Knowing your audience is key to any successful innovation; this is particularly true for new products and services. There are many factors that could cause a great idea to fail because its creators did not take the time to learn about their audiences’ behaviors, motivations, needs, and desires. The first thing to consider should be how your audience will adopt this new innovation? Will the release of it need to be staged and phased in to make sure your audience accepts this new and innovative product or service? Or is your audience screaming so loudly for something like it that you should just release it at once in all of its glory and worry about fine-tuning later? Is your product or service being delivered on the right platform or in the right medium for your audience? Are you providing the appropriate types of support and training for your innovative product?
Let’s take a look at an example of innovation in the workplace—a new model for reporting time spent on different projects. Employees may be used to entering their time into a web application, with a typical table-based interface for entering time per-project across different days of the week. It might not be the ideal or most efficient method, but they’re used to it and they make it work.
Enter in enterprise innovation. Someone has the idea that employees should just be able to open an app on their phone or a widget on their desktop, select a project, and start a timer that will automatically record and report their time. Seems like a great idea, right? No more entering time at the end of the week taking up 30 minutes of an employee’s Friday, less risk for errors in reporting time, and it’s available on mobile devices for travelling employees. But what if people forget to open it? Or forget to change from one project to another? What if they want to edit something before the time is submitted to their boss? What if they are using their phones while travelling so they can’t start the app? These types of obstacles are uncovered by knowing your audiences. Addressing audience behaviors and needs such as these is a key factor in achieving successful innovation.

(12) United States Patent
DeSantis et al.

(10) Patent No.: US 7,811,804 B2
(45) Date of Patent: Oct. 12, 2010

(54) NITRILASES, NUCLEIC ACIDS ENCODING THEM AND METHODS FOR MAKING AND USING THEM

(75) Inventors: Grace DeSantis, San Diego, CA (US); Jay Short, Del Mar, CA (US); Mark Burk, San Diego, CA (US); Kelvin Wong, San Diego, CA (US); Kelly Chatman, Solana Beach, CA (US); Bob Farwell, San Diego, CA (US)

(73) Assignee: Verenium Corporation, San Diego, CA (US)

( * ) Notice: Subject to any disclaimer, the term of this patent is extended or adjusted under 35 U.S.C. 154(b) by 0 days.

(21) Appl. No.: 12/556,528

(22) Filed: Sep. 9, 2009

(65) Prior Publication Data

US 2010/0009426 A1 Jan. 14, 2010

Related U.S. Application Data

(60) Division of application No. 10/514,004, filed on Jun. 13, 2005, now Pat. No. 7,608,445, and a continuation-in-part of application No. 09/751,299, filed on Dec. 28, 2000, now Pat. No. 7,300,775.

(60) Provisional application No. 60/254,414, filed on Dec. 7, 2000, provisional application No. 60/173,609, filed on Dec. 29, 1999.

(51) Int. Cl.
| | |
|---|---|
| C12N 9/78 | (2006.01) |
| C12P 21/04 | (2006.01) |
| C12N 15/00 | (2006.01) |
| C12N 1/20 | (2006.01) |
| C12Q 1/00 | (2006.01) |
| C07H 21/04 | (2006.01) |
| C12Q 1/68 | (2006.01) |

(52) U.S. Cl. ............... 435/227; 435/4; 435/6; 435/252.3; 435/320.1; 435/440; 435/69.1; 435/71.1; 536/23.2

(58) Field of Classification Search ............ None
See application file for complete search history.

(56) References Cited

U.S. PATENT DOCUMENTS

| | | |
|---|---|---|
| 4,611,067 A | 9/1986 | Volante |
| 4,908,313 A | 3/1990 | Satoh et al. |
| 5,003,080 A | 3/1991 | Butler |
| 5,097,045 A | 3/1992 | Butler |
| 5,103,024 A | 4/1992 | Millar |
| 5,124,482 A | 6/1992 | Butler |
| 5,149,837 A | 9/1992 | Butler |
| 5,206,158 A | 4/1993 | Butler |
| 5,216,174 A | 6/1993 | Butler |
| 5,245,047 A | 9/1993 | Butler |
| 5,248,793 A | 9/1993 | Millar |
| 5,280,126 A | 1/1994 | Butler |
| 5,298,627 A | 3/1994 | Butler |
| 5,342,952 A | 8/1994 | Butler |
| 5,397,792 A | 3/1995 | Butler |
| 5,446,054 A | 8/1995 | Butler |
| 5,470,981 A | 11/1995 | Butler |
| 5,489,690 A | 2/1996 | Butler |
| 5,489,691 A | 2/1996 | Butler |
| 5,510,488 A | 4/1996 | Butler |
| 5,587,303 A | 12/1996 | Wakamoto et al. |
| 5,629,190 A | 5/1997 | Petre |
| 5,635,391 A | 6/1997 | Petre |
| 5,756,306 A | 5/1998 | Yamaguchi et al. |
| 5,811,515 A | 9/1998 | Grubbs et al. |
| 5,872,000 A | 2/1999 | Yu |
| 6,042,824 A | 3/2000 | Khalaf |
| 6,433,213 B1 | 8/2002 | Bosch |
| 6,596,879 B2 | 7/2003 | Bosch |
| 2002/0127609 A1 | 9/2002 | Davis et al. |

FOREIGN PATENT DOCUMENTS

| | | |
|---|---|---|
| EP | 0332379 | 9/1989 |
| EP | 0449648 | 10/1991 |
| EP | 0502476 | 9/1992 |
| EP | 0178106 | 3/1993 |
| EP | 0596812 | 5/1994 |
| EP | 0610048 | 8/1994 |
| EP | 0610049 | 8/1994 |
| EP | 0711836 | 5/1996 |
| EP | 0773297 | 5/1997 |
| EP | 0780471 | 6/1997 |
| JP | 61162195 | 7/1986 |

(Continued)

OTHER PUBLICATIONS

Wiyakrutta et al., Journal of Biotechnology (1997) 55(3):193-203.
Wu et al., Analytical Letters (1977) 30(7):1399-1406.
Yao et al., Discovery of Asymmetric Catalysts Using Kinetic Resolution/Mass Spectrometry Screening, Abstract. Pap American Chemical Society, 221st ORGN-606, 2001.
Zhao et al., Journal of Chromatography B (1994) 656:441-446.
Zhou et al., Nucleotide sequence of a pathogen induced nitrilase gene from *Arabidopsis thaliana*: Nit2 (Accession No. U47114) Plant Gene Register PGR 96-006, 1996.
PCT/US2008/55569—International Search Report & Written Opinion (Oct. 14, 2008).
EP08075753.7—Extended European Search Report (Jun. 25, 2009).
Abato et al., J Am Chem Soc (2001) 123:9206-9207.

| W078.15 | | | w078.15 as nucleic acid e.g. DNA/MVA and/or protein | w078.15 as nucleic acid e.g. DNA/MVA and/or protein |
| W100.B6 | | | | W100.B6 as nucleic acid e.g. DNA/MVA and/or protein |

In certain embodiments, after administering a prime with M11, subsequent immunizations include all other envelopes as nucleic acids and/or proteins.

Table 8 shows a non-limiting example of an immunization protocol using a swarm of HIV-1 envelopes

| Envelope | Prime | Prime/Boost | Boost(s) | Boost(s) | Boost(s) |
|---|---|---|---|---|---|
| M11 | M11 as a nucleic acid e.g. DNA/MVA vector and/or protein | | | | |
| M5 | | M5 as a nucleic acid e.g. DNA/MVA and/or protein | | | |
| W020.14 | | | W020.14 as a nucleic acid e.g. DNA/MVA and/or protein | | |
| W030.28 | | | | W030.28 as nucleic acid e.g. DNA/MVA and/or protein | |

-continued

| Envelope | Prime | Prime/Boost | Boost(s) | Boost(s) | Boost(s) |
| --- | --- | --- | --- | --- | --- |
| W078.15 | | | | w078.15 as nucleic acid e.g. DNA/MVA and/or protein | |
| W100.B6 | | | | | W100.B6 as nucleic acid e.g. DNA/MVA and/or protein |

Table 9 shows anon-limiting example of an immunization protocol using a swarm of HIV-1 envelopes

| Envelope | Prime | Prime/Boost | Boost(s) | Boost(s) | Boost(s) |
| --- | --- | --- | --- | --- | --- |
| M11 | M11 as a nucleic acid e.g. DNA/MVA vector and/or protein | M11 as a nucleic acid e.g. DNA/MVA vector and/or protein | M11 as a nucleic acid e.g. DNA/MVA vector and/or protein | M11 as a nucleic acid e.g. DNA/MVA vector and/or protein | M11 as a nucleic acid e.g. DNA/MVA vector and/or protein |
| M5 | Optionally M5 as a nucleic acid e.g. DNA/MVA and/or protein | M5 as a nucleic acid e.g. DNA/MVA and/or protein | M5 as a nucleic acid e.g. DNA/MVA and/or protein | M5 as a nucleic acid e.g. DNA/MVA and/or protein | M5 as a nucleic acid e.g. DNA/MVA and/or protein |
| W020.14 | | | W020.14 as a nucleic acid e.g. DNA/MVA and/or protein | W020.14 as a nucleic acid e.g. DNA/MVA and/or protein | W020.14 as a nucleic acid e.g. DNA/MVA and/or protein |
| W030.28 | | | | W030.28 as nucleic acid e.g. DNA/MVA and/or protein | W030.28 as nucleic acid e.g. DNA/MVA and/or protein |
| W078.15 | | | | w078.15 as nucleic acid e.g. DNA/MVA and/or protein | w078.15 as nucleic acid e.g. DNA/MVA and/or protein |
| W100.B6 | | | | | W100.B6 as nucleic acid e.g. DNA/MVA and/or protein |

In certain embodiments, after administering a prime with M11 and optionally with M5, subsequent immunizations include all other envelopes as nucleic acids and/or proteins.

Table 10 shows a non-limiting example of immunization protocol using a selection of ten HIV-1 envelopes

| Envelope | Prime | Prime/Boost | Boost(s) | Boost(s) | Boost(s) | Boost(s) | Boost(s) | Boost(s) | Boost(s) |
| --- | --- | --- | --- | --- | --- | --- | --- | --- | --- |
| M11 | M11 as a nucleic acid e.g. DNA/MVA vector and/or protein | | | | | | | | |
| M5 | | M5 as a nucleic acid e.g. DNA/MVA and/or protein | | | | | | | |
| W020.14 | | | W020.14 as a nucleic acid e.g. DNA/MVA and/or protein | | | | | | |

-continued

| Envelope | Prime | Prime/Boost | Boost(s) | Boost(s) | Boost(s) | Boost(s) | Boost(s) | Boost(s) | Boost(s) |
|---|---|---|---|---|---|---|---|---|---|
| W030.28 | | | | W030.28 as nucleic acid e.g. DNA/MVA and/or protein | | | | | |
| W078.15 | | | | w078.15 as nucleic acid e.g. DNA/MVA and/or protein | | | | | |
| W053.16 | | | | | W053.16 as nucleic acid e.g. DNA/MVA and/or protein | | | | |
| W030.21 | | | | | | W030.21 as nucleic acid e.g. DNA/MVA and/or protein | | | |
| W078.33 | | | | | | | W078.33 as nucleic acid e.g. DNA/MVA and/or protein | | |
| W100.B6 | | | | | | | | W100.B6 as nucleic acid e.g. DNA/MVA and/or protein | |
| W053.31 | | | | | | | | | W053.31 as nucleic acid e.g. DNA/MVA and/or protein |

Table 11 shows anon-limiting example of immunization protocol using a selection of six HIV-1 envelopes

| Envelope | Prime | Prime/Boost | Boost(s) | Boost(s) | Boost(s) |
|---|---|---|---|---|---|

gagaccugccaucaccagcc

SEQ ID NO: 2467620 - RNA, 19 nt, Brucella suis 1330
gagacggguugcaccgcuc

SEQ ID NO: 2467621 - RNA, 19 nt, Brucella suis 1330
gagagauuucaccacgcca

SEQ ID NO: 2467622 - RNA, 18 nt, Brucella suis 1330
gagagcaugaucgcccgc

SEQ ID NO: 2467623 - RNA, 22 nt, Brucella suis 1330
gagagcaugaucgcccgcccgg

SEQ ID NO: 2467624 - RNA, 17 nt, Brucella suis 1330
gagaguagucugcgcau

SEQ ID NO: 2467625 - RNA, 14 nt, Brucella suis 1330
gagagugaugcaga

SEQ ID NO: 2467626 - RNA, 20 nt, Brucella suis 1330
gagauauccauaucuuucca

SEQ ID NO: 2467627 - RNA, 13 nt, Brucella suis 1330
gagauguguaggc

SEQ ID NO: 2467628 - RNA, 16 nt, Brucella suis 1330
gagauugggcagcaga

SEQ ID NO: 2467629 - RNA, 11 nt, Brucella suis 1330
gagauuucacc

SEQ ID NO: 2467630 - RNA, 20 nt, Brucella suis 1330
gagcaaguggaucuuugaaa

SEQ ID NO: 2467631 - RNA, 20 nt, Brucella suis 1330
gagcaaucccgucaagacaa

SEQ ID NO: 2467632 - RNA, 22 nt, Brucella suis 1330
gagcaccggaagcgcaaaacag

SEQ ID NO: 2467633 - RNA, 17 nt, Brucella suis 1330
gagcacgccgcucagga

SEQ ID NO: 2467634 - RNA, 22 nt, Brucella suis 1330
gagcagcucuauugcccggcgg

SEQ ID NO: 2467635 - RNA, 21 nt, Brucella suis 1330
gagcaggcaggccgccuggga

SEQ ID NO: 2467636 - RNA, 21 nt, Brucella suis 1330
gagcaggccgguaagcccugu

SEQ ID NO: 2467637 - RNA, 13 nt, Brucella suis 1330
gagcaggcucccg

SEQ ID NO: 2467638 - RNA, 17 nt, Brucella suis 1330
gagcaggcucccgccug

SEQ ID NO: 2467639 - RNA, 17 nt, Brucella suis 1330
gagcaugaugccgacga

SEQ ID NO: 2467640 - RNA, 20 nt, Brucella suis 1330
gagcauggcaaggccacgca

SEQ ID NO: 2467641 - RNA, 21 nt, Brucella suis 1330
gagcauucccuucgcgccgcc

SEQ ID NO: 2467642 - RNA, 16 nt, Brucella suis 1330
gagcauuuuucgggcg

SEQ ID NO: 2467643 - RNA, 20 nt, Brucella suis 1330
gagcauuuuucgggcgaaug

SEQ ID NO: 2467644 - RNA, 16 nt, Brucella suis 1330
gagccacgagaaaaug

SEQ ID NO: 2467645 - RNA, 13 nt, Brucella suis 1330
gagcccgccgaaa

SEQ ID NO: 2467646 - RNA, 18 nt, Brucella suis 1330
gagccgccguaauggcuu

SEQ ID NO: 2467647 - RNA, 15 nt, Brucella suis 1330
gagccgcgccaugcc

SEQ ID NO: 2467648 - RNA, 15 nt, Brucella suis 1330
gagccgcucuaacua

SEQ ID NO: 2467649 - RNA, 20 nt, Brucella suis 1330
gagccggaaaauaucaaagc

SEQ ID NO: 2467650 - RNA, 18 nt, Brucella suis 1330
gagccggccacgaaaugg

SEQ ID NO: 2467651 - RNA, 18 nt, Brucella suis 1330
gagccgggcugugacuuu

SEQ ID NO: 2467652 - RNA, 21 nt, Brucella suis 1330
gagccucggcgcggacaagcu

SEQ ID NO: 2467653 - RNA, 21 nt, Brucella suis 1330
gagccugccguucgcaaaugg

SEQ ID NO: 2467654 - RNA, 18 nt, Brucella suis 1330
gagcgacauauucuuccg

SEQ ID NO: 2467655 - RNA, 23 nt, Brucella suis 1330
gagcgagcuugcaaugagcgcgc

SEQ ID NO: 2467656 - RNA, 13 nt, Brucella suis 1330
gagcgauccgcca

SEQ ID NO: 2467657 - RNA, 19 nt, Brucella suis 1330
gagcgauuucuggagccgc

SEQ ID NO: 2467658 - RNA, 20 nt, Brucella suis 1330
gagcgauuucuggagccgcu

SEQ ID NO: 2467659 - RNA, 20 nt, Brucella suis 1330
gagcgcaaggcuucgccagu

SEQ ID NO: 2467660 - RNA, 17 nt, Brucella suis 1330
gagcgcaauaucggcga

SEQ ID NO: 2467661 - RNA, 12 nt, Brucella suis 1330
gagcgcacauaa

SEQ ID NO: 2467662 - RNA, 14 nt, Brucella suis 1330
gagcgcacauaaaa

Innovation is Simple
Think about some of the most innovative ideas and products you’ve seen in the last 20 years. What’s a common factor they all share? They make your life easier. They do not add complexity or confusion. They simplify things, make things more accessible, or bring comfort to your life. You may have to spend some time learning to use the new product or service. It may take a while for it to become ingrained in your everyday life. But when you use it, the innovation makes your life easier.
There has been much talk about innovation in the medical field recently. Digital prescriptions are a leading medical innovation for many reasons; especially because of the simplicity they afford to doctors, patients, and pharmacists. Doctors can look up a drug on their tablet or hand-held device, double-check all of the side effects and contraindications for a patient, and then send a prescription for the drug straight to the pharmacy from their device. The patient doesn’t have to deal with a paper script, which he or she also no longer runs the risk of damaging or losing. The pharmacist has a clear script and doesn’t need to interpret a doctor’s handwriting. And, in the time it takes a patient to drive from the doctor’s office to the pharmacy, the script is filled and waiting. Digital prescriptions changed the process of writing and filling scripts, making it easier and simpler for all of the people involved.
Aside from being a core attribute of innovative products, the concept of increasing simplicity is often the one that inspires innovation in the first place. The desire and drive to simplify people’s lives creates concepts that disrupt the more complicated way that people currently behave. That fill gaps in their lives, and addresses their needs.
So the next time that someone looks at you and says “We need to be more innovative," proceed by first asking, “How can I make my audiences’ lives simpler?” and move forward from there.
Zen garden image courtesy Shutterstock
ABOUT THE AUTHOR(S)
Megan Geyer is a Lead Experience Architect at NTT DATA, striving to ensure that all audiences are understood and represented throughout the inception, design, and implementation of any service or product. Over her career, she has worked on global cross-channel audience research and design projects, managed user experience projects, and provided information architecture and interaction design for internal and consumer-facing websites in a variety of industries. Megan is a member of the NYC Usability Professionals Association and holds a Bachelor’s degree in Psychology from Rutgers University.